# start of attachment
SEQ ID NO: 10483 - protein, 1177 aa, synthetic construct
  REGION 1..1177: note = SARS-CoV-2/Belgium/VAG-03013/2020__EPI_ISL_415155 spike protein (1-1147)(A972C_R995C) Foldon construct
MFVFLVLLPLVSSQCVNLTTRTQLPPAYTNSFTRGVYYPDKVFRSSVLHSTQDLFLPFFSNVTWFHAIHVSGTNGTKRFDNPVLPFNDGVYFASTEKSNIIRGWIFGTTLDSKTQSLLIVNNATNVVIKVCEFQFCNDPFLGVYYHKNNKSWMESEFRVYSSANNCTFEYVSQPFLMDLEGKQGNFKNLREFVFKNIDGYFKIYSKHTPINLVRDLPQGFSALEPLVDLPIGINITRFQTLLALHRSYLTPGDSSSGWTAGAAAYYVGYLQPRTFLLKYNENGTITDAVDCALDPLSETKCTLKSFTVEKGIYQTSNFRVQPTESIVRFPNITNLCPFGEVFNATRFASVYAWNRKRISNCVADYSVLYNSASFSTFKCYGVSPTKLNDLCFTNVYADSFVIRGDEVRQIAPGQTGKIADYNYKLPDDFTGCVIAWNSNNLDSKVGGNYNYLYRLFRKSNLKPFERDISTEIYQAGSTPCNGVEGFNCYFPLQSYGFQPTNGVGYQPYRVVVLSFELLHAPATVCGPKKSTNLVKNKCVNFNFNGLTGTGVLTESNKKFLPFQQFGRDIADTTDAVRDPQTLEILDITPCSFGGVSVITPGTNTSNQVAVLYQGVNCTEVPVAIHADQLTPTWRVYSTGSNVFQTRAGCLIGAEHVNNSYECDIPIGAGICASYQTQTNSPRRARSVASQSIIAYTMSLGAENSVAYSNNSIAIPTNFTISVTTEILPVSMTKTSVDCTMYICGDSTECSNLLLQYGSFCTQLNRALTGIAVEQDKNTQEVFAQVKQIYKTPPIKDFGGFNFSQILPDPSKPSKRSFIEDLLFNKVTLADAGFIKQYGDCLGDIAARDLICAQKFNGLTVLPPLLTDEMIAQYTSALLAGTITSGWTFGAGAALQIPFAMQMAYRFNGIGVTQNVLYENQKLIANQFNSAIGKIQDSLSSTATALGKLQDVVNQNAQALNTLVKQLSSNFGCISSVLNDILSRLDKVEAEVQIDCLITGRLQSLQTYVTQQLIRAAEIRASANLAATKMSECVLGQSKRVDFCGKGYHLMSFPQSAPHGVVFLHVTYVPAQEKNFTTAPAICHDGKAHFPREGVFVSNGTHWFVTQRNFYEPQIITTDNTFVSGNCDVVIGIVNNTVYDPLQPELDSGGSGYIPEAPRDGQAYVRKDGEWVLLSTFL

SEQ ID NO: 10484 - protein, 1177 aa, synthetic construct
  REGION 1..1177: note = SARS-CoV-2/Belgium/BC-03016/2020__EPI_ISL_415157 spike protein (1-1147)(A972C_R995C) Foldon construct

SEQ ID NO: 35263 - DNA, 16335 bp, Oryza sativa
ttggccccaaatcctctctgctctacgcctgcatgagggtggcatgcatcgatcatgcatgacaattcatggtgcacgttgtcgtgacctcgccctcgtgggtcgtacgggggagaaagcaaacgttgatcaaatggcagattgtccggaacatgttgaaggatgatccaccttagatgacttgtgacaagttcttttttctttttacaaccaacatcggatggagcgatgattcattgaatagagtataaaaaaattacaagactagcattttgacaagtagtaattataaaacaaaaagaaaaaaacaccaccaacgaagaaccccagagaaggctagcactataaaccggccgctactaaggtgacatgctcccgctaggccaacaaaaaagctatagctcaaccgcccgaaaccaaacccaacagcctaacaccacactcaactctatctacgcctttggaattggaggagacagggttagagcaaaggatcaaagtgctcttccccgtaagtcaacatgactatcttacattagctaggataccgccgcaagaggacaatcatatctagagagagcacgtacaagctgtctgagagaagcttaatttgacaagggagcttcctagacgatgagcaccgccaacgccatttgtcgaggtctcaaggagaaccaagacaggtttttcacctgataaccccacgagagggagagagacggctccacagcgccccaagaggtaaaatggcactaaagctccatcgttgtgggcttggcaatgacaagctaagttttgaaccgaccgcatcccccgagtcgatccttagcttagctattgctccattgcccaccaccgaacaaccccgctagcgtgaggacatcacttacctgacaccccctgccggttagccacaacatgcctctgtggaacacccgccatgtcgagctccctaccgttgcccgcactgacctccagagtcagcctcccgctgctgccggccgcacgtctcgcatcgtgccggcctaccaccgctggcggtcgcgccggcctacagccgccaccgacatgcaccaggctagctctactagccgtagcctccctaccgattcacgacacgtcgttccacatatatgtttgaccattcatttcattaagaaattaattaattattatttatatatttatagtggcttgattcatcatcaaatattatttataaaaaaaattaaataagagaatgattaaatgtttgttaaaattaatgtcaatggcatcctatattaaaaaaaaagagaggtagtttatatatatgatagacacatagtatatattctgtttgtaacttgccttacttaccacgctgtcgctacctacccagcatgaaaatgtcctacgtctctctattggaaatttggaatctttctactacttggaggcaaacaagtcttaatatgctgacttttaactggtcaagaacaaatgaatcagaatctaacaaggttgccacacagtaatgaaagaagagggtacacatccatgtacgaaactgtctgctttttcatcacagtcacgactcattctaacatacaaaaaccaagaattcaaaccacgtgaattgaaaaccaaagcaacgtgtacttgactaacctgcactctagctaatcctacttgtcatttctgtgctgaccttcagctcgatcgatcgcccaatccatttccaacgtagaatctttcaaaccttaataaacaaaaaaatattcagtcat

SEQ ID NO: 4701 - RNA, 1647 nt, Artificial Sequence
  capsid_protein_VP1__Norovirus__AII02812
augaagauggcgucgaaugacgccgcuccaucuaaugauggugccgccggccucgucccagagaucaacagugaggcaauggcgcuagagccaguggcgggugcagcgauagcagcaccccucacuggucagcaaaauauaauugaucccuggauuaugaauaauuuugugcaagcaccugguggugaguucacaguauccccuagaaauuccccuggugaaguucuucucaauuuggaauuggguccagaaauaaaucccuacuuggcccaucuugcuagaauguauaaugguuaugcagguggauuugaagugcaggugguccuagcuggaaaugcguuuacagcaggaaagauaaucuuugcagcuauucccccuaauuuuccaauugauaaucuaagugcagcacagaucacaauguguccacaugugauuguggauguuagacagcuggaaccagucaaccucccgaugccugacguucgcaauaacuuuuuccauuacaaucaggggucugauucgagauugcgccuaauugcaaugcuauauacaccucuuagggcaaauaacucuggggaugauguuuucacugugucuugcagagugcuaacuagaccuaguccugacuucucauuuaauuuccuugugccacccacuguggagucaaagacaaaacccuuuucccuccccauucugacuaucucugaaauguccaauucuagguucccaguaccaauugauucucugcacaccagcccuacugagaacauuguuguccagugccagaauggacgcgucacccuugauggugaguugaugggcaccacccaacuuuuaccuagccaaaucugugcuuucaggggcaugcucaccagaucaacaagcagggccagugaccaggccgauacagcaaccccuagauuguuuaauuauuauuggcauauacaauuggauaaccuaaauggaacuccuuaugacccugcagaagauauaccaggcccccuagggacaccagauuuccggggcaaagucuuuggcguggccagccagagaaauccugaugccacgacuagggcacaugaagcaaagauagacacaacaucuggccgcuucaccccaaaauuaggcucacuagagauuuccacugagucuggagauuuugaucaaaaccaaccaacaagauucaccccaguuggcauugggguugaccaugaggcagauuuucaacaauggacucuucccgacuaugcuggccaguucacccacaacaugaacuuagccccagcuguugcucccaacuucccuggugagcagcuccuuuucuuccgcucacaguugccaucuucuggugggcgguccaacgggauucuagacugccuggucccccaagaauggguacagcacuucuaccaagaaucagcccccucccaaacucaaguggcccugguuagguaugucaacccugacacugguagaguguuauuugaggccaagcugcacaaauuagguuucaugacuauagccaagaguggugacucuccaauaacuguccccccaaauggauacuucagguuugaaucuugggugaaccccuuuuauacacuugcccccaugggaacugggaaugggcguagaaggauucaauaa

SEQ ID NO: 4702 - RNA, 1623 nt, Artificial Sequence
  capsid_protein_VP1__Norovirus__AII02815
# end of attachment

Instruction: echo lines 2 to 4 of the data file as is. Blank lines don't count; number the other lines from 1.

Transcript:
  REGION 1..1177: note = SARS-CoV-2/Belgium/VAG-03013/2020__EPI_ISL_415155 spike protein (1-1147)(A972C_R995C) Foldon construct
MFVFLVLLPLVSSQCVNLTTRTQLPPAYTNSFTRGVYYPDKVFRSSVLHSTQDLFLPFFSNVTWFHAIHVSGTNGTKRFDNPVLPFNDGVYFASTEKSNIIRGWIFGTTLDSKTQSLLIVNNATNVVIKVCEFQFCNDPFLGVYYHKNNKSWMESEFRVYSSANNCTFEYVSQPFLMDLEGKQGNFKNLREFVFKNIDGYFKIYSKHTPINLVRDLPQGFSALEPLVDLPIGINITRFQTLLALHRSYLTPGDSSSGWTAGAAAYYVGYLQPRTFLLKYNENGTITDAVDCALDPLSETKCTLKSFTVEKGIYQTSNFRVQPTESIVRFPNITNLCPFGEVFNATRFASVYAWNRKRISNCVADYSVLYNSASFSTFKCYGVSPTKLNDLCFTNVYADSFVIRGDEVRQIAPGQTGKIADYNYKLPDDFTGCVIAWNSNNLDSKVGGNYNYLYRLFRKSNLKPFERDISTEIYQAGSTPCNGVEGFNCYFPLQSYGFQPTNGVGYQPYRVVVLSFELLHAPATVCGPKKSTNLVKNKCVNFNFNGLTGTGVLTESNKKFLPFQQFGRDIADTTDAVRDPQTLEILDITPCSFGGVSVITPGTNTSNQVAVLYQGVNCTEVPVAIHADQLTPTWRVYSTGSNVFQTRAGCLIGAEHVNNSYECDIPIGAGICASYQTQTNSPRRARSVASQSIIAYTMSLGAENSVAYSNNSIAIPTNFTISVTTEILPVSMTKTSVDCTMYICGDSTECSNLLLQYGSFCTQLNRALTGIAVEQDKNTQEVFAQVKQIYKTPPIKDFGGFNFSQILPDPSKPSKRSFIEDLLFNKVTLADAGFIKQYGDCLGDIAARDLICAQKFNGLTVLPPLLTDEMIAQYTSALLAGTITSGWTFGAGAALQIPFAMQMAYRFNGIGVTQNVLYENQKLIANQFNSAIGKIQDSLSSTATALGKLQDVVNQNAQALNTLVKQLSSNFGCISSVLNDILSRLDKVEAEVQIDCLITGRLQSLQTYVTQQLIRAAEIRASANLAATKMSECVLGQSKRVDFCGKGYHLMSFPQSAPHGVVFLHVTYVPAQEKNFTTAPAICHDGKAHFPREGVFVSNGTHWFVTQRNFYEPQIITTDNTFVSGNCDVVIGIVNNTVYDPLQPELDSGGSGYIPEAPRDGQAYVRKDGEWVLLSTFL

SEQ ID NO: 10484 - protein, 1177 aa, synthetic construct